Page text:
A common trait of this belt is the practitioner developing truly inescapable control positions by enhancing their fundamental details to the point of peak precision and energy efficiency. In turn, the development of truly sharp and almost inescapable submission chains is the hallmark of the brown belt rank.
Along with this, a deeper understating of individual strategy begins to take place, with the student building upon the expansion efforts at purple belt as they look outside of their own skill set and break down or reverse-engineer a potential gameplan for absolutely any practitioner of any size, shape, ability, or rank.
Due to this, an expectation of enhanced leadership qualities, humility and respect for all participants becomes prevalent when considering brown belts for the next BJJ belt level. Showing true long-term dedication, an aptitude to coach and mentor with positivity and efficacy along with intelligent and refined functional skills will be the indicator of when the student is ready for the next rank.
The black belt is the culmination of all learning that has taken place in the individual’s journey to this point. The functional characteristics of this rank are depicted with the ability to read between the lines when rolling. Subtle blocking, mastery of timing, peak fluidity, and precision with all technique in every aspect of the game is the expectation.
Along with this being the height of one’s technical ability, in order to join the ranks of black belts in BJJ one must also exhibit exceptional traits as a human being that portray true communal, humble and respectful attributes that uphold the values that this rank represents. Every individual will have their own personal set of personality upgrades that simply must occur prior to this rank being awarded. This is an important ideal that must be upheld in order to maintain the dignity and integrity of the art. As the wearer of this belt will be looked upon with authority and trust they must exhibit the traits of an individual, even outside of grappling, that shows the capacity to fulfil those responsibilities.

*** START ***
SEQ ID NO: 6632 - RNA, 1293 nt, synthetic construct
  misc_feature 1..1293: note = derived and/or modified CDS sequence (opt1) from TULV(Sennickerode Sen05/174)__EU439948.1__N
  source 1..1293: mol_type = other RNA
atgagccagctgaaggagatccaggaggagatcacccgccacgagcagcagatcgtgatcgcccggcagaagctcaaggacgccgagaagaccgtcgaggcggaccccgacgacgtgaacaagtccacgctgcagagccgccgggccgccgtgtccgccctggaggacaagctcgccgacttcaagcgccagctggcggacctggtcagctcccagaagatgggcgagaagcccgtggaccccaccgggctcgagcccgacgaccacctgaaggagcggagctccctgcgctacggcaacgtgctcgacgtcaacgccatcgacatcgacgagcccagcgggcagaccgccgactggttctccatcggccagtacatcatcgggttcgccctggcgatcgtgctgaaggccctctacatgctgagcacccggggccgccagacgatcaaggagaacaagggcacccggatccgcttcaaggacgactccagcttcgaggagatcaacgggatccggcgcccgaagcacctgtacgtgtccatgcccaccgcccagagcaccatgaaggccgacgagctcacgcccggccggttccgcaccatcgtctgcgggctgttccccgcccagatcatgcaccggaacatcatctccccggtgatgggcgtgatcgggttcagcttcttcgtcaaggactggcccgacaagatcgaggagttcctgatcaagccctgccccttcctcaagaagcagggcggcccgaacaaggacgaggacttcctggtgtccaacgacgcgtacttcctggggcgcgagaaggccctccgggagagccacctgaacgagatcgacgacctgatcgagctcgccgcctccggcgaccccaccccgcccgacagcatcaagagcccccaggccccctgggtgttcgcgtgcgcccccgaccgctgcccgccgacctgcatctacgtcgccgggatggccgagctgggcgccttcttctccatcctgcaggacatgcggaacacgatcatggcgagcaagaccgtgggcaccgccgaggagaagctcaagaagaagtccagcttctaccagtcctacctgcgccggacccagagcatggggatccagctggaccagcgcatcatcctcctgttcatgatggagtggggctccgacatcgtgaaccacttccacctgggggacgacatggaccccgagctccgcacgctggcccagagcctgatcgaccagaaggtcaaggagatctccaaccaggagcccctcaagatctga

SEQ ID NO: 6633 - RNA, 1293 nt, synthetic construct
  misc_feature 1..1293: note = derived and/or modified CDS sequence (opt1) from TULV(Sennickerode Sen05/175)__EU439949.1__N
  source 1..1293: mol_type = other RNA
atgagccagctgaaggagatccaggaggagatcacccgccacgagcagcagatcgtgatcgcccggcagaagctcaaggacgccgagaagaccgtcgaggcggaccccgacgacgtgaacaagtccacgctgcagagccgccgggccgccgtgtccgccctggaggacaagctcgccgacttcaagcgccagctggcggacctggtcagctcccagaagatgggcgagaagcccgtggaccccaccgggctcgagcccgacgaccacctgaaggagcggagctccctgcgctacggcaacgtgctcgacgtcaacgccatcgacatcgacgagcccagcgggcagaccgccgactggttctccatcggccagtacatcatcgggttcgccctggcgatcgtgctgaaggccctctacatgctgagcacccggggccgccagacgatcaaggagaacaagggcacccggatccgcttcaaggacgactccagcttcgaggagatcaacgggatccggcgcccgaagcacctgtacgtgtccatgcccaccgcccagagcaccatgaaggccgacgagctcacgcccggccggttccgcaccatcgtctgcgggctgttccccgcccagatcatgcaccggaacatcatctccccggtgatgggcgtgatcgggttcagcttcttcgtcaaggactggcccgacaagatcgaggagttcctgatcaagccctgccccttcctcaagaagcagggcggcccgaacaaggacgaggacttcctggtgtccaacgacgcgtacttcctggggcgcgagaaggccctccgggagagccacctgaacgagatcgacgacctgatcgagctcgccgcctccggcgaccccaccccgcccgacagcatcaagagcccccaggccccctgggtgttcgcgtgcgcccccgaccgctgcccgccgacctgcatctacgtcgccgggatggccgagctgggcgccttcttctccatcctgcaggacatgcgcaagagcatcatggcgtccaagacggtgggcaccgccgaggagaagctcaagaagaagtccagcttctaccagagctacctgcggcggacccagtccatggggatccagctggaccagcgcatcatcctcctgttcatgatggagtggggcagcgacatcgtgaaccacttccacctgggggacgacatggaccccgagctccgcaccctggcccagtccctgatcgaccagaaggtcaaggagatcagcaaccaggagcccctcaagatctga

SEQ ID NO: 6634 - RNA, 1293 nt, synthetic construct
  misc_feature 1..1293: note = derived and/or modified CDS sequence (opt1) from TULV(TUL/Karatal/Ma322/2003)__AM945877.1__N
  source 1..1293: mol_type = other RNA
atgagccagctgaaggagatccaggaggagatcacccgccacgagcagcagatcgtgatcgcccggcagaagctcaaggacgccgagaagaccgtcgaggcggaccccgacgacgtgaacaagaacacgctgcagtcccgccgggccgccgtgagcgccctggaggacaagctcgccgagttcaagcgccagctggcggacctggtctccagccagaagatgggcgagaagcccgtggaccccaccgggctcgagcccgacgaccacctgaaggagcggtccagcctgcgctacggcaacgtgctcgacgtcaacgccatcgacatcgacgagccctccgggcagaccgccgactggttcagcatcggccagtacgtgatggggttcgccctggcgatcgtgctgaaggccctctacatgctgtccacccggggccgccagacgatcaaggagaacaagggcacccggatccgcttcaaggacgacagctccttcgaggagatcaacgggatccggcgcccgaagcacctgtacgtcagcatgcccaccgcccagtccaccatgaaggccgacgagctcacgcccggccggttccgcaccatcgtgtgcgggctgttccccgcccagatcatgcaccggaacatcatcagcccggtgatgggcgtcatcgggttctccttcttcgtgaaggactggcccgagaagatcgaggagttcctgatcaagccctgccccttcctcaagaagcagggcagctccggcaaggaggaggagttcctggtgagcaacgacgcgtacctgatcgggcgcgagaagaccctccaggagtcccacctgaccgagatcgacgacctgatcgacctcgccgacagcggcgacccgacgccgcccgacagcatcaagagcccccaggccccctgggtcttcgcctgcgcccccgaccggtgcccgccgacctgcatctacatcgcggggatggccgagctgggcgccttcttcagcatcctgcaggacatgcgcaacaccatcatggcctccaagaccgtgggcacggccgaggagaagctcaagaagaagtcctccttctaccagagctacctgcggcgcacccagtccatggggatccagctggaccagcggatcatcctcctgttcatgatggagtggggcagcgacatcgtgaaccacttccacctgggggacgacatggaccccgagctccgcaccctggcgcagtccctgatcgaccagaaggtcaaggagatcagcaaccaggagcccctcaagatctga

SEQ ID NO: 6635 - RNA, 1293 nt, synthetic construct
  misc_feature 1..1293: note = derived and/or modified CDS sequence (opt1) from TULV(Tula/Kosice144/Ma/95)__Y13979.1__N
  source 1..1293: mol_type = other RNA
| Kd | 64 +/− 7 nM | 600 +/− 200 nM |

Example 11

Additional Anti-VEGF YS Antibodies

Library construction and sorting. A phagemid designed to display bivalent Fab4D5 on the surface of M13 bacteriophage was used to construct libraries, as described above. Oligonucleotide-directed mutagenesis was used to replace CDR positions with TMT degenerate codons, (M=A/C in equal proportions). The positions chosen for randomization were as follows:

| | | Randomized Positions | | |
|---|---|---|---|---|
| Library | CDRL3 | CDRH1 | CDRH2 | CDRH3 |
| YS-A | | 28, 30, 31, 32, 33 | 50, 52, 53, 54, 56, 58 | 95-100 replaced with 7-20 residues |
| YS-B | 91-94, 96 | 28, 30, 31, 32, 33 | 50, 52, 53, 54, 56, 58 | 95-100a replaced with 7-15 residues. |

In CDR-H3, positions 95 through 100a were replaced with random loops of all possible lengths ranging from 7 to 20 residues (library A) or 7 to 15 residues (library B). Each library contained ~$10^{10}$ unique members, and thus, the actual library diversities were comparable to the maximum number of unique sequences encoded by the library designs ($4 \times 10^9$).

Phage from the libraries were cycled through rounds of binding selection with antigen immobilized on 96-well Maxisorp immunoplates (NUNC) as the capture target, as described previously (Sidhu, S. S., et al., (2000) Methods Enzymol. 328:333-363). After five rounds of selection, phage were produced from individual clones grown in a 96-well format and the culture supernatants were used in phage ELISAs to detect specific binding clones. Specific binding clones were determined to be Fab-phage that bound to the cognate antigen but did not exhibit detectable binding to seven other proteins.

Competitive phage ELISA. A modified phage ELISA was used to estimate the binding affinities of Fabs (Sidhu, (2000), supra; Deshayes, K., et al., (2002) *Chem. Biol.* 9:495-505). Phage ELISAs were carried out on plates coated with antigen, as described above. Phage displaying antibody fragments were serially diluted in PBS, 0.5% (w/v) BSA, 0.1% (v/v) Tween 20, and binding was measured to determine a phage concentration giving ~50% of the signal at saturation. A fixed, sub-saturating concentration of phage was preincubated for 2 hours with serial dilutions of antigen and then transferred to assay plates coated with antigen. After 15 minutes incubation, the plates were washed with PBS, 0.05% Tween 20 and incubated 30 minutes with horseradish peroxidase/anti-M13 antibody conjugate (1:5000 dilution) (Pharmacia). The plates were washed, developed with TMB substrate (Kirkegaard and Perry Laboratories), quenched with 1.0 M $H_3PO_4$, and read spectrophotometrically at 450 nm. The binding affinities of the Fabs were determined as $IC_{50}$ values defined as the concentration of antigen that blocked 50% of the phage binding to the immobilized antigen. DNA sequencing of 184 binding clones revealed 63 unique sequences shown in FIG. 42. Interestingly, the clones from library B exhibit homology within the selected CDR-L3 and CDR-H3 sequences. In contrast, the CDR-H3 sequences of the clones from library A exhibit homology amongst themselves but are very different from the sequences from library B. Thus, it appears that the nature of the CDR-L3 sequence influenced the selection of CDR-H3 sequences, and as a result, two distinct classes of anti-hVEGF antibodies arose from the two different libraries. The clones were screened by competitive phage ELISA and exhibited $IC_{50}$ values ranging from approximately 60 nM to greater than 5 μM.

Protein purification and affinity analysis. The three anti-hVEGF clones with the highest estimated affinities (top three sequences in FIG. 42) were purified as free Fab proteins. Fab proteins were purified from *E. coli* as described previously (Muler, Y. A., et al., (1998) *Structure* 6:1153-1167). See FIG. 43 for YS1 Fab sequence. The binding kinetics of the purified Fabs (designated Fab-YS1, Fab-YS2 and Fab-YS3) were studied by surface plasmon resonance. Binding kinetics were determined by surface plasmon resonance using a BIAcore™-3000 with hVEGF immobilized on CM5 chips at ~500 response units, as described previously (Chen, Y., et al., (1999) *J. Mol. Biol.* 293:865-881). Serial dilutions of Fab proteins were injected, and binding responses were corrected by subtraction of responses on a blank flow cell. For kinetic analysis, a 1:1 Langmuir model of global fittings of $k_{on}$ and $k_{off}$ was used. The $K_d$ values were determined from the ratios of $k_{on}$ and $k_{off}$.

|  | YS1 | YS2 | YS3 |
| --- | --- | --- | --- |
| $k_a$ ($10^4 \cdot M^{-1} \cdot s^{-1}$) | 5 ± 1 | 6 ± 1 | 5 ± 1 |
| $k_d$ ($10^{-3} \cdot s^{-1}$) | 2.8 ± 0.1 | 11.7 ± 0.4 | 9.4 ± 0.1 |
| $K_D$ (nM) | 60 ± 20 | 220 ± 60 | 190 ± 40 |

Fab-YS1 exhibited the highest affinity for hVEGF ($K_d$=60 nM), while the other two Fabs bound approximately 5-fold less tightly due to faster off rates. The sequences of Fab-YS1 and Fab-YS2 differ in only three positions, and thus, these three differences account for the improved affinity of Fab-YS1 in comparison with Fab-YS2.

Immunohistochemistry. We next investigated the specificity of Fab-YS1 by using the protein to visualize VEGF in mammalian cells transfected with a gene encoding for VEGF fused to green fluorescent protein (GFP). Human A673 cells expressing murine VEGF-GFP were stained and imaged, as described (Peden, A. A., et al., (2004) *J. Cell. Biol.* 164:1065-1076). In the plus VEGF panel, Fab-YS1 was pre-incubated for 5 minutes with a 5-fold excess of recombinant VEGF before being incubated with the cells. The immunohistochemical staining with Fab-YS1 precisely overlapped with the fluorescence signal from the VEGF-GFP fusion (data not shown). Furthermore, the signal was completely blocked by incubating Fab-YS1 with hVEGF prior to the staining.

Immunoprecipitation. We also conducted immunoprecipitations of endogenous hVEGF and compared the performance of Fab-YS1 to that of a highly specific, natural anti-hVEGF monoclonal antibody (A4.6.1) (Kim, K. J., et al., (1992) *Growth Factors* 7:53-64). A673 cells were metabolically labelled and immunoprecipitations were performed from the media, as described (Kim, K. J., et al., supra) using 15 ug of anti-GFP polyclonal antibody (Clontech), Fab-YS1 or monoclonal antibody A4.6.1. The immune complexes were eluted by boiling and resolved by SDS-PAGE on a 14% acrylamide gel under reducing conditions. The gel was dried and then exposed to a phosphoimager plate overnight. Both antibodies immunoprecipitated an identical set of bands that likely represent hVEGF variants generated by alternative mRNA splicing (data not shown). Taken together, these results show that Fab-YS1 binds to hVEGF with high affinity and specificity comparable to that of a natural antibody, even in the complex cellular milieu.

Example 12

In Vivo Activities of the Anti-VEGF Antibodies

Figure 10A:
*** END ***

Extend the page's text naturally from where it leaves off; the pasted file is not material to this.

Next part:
Black Belts are at a point of re-dedication to every single aspect of grappling as the wearer has a duty and responsibility to share their knowledge as widely as they can and to aid in the evolution of BJJ overall, elevating all of those around them.
For more of our opinion pieces on various topics, visit our opinion piece archives.